Spirituality of the everyday

Fiona asked me some good questions on my previous post about Morning Prayer.

She asked me about how to use the material that I’d provided.

Note firstly, by the way that I’ve already updated the pdf file with version 2 as I had made some mistakes in the earlier one. I’d left too many antiphons in and there are enough antiphons to worry about in Advent without adding in any more. I’ve more too. Here is a copy of the Bible readings that the church suggests at this time of the year. I tend to use the Old Testament and Gospel in the morning. The theory is that one uses the New Testament and Gospel in the evening. At the moment we only do Morning Prayer each day in St Mary’s but I hope for a time when we might be able to sustain Evening Prayer too. I could also imagine different groups meeting either at different times or in different places to say the offices.

With regard to using this material at home, firstly, I’m going to suggest that anyone interested in how to say the Daily Office at home hops over to Kimberly’s blog and have a look through her post on exactly that subject from a few months ago. I can’t improve on it.

I think that whilst the churches worry themselves about things that they think are important, people have been rushing off to every shop in town to buy votive candles, incense, and piles of pebbles, to say nothing of feather dreamcatchers and crystals. People will build a spirituality of the everyday whether we encourage them to do so or not. I don’t think that is a bad thing either though I do think some of the things said about crystals are nonsense.

I think that for me, I would recognise some pretty old fashioned tricks for building spirituality into one’s life. It tends to come down to space, rhythm and ultimately intent. It takes intent to light that candle. It takes intent to put one stone on top of another as though putting it there has some meaning. It takes intent to build a breathing space into life. It takes intent to keep trying a regular rhythm with words until it becomes a part of us. I’ve no idea where that intent comes from. Does it come from within? I neither know nor care.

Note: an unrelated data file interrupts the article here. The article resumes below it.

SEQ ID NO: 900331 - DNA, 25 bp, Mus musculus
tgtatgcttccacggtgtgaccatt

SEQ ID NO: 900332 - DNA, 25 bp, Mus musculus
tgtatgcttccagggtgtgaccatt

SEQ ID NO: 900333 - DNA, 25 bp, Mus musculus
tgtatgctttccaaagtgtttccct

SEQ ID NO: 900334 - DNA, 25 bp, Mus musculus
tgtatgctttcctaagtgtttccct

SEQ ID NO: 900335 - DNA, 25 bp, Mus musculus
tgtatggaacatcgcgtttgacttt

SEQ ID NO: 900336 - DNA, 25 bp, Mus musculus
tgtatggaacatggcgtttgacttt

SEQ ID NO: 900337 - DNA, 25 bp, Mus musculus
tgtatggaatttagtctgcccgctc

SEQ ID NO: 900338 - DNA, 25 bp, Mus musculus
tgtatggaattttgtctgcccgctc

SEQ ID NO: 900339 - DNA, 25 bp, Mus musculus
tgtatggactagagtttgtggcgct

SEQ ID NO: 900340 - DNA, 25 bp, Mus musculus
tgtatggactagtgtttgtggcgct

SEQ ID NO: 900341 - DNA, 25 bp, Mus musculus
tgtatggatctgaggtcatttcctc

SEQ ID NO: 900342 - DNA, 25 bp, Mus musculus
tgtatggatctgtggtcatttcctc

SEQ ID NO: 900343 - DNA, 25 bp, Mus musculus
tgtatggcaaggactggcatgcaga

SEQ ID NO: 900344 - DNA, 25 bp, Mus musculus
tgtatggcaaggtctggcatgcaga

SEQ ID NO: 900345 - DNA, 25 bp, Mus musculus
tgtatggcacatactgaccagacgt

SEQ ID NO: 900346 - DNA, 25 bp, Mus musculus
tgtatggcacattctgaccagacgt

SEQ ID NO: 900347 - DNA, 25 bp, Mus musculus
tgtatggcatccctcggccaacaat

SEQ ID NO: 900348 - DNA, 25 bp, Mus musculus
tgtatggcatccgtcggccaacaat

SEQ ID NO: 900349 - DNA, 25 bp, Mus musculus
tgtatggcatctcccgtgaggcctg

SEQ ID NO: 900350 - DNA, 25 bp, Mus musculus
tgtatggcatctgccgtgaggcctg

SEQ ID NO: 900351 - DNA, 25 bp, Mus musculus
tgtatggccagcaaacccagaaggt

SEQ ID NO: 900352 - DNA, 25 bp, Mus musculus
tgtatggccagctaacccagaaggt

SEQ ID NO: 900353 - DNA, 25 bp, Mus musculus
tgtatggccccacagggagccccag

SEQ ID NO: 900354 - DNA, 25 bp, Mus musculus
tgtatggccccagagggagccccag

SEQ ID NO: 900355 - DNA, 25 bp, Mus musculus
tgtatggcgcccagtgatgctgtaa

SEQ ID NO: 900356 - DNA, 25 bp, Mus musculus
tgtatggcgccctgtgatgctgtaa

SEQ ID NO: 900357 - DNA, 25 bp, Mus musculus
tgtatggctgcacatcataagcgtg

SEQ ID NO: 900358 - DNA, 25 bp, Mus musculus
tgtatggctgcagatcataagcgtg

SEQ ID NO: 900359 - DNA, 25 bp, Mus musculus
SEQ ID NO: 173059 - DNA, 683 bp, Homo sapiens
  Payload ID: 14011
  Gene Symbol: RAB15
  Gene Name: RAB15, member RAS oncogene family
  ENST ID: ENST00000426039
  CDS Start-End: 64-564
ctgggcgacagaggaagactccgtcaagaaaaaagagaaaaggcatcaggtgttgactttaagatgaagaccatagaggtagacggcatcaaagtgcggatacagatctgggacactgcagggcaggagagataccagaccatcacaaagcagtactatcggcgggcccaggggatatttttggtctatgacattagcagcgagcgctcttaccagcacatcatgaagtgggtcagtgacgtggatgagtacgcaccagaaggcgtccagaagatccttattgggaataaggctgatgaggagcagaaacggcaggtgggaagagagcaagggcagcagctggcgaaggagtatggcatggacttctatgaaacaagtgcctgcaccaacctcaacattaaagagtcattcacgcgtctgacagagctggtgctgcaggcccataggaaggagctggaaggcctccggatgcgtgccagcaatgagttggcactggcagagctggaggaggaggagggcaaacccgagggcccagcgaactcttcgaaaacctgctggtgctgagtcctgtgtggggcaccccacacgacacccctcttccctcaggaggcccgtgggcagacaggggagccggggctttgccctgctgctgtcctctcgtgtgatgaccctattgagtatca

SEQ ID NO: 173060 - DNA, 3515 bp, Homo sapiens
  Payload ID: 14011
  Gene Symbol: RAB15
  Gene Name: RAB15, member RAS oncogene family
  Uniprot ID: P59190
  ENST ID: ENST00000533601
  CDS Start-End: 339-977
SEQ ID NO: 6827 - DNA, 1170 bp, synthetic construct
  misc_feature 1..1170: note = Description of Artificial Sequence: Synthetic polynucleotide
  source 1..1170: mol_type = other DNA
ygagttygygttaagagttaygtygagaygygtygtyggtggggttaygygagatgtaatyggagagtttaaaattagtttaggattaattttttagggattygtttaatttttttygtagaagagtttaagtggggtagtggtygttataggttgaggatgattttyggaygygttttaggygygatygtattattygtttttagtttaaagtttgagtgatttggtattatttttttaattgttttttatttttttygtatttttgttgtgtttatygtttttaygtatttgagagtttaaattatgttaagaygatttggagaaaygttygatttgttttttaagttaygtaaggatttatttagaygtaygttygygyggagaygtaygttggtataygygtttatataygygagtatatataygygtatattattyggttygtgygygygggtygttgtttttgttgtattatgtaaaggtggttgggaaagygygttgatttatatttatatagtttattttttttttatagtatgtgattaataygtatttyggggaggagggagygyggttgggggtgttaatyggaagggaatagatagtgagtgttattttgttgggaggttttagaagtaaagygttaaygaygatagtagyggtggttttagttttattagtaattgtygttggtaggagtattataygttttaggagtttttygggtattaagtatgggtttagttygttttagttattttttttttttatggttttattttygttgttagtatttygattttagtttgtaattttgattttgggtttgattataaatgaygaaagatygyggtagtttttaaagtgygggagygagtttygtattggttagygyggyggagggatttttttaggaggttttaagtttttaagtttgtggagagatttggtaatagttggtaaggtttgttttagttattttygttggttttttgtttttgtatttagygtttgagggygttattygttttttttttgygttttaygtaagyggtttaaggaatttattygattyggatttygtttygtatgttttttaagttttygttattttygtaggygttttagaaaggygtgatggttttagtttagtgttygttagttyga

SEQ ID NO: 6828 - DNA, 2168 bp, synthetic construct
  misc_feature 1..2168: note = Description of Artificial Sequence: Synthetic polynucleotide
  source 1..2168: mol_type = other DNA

People are often helped to pray by having somewhere special to do it. That does not have to mean a hermitage in the garden though I’ve known people do that. It could just mean trying to be still and be with God in the presence of something that has carried meaning for you. An icon of Christ that I’ve lived with for many years does it for me.

Setting aside a particular time helps a lot of people though the truth is, I’ve never been able to sustain that for long myself on my own. I tend to need to be responsible to other people to pray at any regular hour.

Ultimately it does depend on our own lives and personalities. God meets us in the everyday and meets us where we are and wants the company of who we are. That moment can be all that there is. And that moment might be the start of being utterly transformed.

Light the lamp. Breathe in the rhythm of the words. Know you are loved. Know you are not as alone as it might seem.

Comments

  1. Jenny says

    Thanks so much for version 2 and for pointing out Kimberley’s lovely description of prayer

  2. fiona macdonald says

    Thanks Kelvin, that is really helpful.
    Fiona.

  3. Thank you for sharing such Light from a Dark Place and Insights For Health from your sickbed, Kelvin. (And I was naive enough to think you were off work !).

    Thank You.

    I hope that today sees you well enough to enjoy this glorious (tho cold) day.

  4. colds are very good for blogging. Though Kelvin has put the rest of us to shame over the past few days.

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